China Daily

News> Hong Kong> Content
Wednesday, August 14, 2019, 09:26
Violence is pushing HK into 'abyss of destruction'
By He Shusi, Chen Zimo and Li Bingcun
Wednesday, August 14, 2019, 09:26 By He Shusi, Chen Zimo and Li Bingcun

American flag are seen at a protest about anti-extradition bill in Tsim She Tsui on Aug 3, 2019, in an attempt to invite the US interference into Hong Kong affairs. (PHOTO / CHINA DAILY)

Hong Kong Chief Executive Carrie Lam Cheng Yuet-ngor warned on Tuesday that escalating violence is pushing the special administrative region into an "abyss of destruction".

She appealed to the public to calm down, set aside differences on political issues and reject violence.

Meeting reporters ahead of the Executive Council, Lam appealed to the public, in a voice trembling with emotion, to pause and think.

"The top priority now is to oppose violence and safeguard the rule of law," she said. "Rational discussions will start after the city's law and order is restored. And that's when we can mend what has been torn apart."

The top priority now is to oppose violence and safeguard the rule of law. Rational discussions will start after the city's law and order is restored

Carrie Lam Cheng Yuet-ngor, Chief Executive, Hong Kong

ALSO READ: Violence must stop right now: Allan Zeman

Lam said developments over the past week validated her concerns that Hong Kong was in a dangerous situation. She reminded people that Hong Kong had been ripped apart by violent protests that started on June 9, which saw radicals clash with the police, and residential and business areas become virtual war zones.

Lam said the chief executive's responsibility is to ensure that Hong Kong remains a safe, orderly and law-abiding city.

Flights were canceled on Tuesday for a second consecutive day as protesters occupied large parts of the Hong Kong International Airport. All departing flights were canceled in the afternoon in the wake of what officials said was an unauthorized assembly seriously disrupting the airport's operations.

Also on Tuesday, Hong Kong's stock market dropped to its lowest level since Jan 4 at the end of trading.

Following the fall of all three major US indexes overnight, the benchmark Hang Seng Index fell by 1 percent as the market opened. The index continued on a downward trajectory, ending the day at 25,281.3, a decline of 543.42 points or 2.1 percent.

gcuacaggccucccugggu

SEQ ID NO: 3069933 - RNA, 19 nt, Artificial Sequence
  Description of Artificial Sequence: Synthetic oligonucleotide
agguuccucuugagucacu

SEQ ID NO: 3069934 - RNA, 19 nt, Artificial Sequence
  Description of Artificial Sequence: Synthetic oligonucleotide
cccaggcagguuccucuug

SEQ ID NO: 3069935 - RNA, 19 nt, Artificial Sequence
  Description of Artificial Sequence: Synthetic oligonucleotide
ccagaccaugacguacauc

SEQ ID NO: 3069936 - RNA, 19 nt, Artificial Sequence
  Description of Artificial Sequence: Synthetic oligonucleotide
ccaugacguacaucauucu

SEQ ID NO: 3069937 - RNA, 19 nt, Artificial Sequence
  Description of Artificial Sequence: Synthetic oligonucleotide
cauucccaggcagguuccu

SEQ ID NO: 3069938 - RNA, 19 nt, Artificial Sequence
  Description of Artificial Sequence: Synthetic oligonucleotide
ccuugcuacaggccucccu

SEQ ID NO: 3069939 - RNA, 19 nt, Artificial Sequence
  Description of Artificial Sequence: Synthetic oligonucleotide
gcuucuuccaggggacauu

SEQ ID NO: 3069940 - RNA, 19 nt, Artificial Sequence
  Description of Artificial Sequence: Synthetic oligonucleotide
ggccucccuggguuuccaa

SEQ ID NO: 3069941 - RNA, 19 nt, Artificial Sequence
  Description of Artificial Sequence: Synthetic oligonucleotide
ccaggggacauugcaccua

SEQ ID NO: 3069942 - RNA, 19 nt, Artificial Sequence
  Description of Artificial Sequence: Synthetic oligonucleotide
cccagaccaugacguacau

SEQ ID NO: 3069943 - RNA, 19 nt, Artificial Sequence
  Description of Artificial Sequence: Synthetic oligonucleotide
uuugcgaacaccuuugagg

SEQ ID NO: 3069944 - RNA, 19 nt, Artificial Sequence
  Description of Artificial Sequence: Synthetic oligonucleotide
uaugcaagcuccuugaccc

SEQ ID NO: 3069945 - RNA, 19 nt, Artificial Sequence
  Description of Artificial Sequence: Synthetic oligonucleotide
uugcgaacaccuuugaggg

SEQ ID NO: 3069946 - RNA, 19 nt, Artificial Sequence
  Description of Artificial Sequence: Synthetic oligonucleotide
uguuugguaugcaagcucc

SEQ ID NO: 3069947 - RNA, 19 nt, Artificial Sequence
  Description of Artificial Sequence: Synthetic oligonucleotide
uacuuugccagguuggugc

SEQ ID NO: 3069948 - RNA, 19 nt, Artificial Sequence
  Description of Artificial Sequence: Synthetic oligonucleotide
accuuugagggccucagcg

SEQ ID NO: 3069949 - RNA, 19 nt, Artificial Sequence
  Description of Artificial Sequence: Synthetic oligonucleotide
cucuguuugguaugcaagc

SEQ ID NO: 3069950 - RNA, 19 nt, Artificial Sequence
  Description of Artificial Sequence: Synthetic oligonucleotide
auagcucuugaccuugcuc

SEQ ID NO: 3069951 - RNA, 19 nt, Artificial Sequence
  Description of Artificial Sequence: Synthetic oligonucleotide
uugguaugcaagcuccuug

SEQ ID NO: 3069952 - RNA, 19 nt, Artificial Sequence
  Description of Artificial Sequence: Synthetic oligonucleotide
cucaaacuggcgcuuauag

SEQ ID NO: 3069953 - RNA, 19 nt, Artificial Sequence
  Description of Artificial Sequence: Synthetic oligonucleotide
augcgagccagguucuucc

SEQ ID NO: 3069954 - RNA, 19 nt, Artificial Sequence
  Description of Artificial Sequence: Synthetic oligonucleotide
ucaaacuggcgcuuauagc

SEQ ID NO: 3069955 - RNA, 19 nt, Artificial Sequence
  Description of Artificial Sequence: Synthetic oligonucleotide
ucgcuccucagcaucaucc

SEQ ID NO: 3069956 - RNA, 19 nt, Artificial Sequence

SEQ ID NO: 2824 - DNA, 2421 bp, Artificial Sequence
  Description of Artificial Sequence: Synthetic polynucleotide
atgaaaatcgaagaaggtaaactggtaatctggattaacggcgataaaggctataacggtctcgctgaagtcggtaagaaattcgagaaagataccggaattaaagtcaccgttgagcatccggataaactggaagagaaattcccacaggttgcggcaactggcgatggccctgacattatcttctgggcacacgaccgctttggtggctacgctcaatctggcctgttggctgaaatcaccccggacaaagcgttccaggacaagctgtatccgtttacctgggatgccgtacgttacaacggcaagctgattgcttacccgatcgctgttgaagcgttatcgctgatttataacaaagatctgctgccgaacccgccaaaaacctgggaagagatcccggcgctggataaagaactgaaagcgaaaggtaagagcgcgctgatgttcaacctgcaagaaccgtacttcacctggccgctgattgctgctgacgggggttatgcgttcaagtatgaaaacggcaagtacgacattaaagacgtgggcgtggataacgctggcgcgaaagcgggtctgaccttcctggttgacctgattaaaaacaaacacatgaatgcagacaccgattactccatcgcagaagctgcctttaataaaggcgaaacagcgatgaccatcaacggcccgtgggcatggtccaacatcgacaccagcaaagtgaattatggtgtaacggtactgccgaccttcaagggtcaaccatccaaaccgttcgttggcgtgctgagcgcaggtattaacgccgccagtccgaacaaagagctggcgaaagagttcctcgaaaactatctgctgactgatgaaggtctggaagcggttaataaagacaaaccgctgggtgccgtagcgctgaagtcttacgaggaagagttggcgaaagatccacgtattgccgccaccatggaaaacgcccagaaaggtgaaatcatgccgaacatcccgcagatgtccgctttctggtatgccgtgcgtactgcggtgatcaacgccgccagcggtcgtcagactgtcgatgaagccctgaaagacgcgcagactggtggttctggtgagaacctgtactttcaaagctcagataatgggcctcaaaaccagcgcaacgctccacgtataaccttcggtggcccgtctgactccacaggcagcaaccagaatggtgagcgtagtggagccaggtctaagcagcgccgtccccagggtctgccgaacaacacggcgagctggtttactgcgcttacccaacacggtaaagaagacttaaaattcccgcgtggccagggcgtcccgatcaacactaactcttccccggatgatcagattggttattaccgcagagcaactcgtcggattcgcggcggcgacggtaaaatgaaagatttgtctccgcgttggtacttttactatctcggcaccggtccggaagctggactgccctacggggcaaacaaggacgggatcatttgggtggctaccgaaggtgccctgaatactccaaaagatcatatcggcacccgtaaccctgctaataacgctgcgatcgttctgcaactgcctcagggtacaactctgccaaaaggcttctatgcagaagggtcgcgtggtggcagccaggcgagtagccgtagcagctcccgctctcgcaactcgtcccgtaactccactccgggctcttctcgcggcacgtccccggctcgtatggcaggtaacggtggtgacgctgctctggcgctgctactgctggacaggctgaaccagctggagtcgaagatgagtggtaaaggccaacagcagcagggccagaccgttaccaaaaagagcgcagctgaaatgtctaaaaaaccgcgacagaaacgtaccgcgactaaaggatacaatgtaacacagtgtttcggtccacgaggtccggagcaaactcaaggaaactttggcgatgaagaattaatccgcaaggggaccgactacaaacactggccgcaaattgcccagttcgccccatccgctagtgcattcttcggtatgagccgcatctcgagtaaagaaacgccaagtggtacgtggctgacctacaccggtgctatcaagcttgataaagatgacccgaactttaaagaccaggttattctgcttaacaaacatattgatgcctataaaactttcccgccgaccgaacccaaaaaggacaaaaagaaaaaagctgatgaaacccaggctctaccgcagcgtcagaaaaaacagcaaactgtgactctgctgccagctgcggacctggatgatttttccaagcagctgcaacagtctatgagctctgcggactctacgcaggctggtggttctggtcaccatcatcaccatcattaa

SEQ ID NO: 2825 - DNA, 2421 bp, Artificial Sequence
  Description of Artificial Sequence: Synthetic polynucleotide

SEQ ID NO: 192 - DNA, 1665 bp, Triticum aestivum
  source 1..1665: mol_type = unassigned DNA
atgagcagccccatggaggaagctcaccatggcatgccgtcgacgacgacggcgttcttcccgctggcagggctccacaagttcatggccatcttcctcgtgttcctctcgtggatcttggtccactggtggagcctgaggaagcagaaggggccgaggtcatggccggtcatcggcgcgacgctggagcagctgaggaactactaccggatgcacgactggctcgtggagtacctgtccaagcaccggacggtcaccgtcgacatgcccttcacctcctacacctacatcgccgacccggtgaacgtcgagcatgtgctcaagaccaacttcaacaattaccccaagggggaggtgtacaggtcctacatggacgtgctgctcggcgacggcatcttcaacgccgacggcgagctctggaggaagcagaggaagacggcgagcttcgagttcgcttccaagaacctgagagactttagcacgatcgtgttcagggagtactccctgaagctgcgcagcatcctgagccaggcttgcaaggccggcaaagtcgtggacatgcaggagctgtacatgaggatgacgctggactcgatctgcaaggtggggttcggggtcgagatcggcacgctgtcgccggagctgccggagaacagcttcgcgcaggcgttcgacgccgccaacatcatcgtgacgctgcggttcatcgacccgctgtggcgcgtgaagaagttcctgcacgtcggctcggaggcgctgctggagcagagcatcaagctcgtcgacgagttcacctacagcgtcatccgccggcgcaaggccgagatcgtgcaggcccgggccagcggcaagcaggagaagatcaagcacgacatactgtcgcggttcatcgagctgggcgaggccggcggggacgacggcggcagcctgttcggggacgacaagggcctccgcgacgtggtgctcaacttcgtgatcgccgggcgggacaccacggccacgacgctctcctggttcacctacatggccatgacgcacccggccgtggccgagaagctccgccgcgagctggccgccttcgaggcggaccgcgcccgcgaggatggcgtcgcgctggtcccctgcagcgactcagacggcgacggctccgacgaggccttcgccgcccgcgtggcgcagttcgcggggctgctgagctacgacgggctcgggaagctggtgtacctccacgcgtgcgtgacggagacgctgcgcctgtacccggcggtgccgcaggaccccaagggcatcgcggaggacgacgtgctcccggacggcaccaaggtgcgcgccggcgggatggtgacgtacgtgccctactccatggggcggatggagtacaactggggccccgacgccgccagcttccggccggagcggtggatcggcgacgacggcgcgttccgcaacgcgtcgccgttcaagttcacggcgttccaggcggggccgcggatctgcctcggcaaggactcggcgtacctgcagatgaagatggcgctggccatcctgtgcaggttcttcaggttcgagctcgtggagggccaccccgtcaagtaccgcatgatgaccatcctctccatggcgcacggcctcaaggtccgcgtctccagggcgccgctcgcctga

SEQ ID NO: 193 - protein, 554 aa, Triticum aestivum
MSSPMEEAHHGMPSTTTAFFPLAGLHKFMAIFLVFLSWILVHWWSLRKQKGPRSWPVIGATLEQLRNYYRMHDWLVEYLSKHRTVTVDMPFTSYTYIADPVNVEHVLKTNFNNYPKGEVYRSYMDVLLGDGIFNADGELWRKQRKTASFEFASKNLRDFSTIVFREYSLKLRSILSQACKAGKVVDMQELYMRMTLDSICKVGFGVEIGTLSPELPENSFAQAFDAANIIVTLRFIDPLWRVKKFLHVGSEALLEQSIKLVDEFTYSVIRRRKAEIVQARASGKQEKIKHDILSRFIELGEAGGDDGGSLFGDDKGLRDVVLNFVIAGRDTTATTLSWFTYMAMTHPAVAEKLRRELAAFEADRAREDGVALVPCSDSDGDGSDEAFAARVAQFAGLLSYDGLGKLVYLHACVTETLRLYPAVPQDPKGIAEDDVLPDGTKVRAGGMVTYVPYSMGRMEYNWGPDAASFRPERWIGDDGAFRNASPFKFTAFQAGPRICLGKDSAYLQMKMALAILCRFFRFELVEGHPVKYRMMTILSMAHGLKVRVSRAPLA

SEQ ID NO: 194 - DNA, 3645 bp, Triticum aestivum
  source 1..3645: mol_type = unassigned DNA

Shares of airline companies were among leading decliners in the wake of the cancellation of more than 300 inbound and outbound flights on Tuesday. Hong Kong's largest carrier, Cathay Pacific Airways, continued its drop on Monday. Shares of Cathay Pacific tumbled 2.96 percent to HK$9.51 (US$1.21), a 10-year low.

At press time, police had not taken action against the illegal assembly at the airport.

Citing recent examples of the obstruction of law enforcement operations, the Hong Kong Police Force appealed to the public on Tuesday for cooperation in maintaining law and order.

READ MORE: Tourism suffers as protesters extend blockade at airport

At a daily news briefing, Chief Superintendent of Police Public Relations Tse Chun-chung said two months of violent protests against the now-shelved extradition amendment bill have created tensions between the public and police.

Daily police operations, even those unrelated to the protests, have been impeded to various degrees due to the hostility toward the police, Tse said.

He cited a recent incident in which police officers were blocked by over 50 residents as they investigated a suicide case in public housing in Tai Po on Sunday night. The officers were shut out of the building. Some residents targeted them with laser pointers while others surrounded a police van, according to the officer.

Share this story

Please click in the upper right corner to open it in your browser !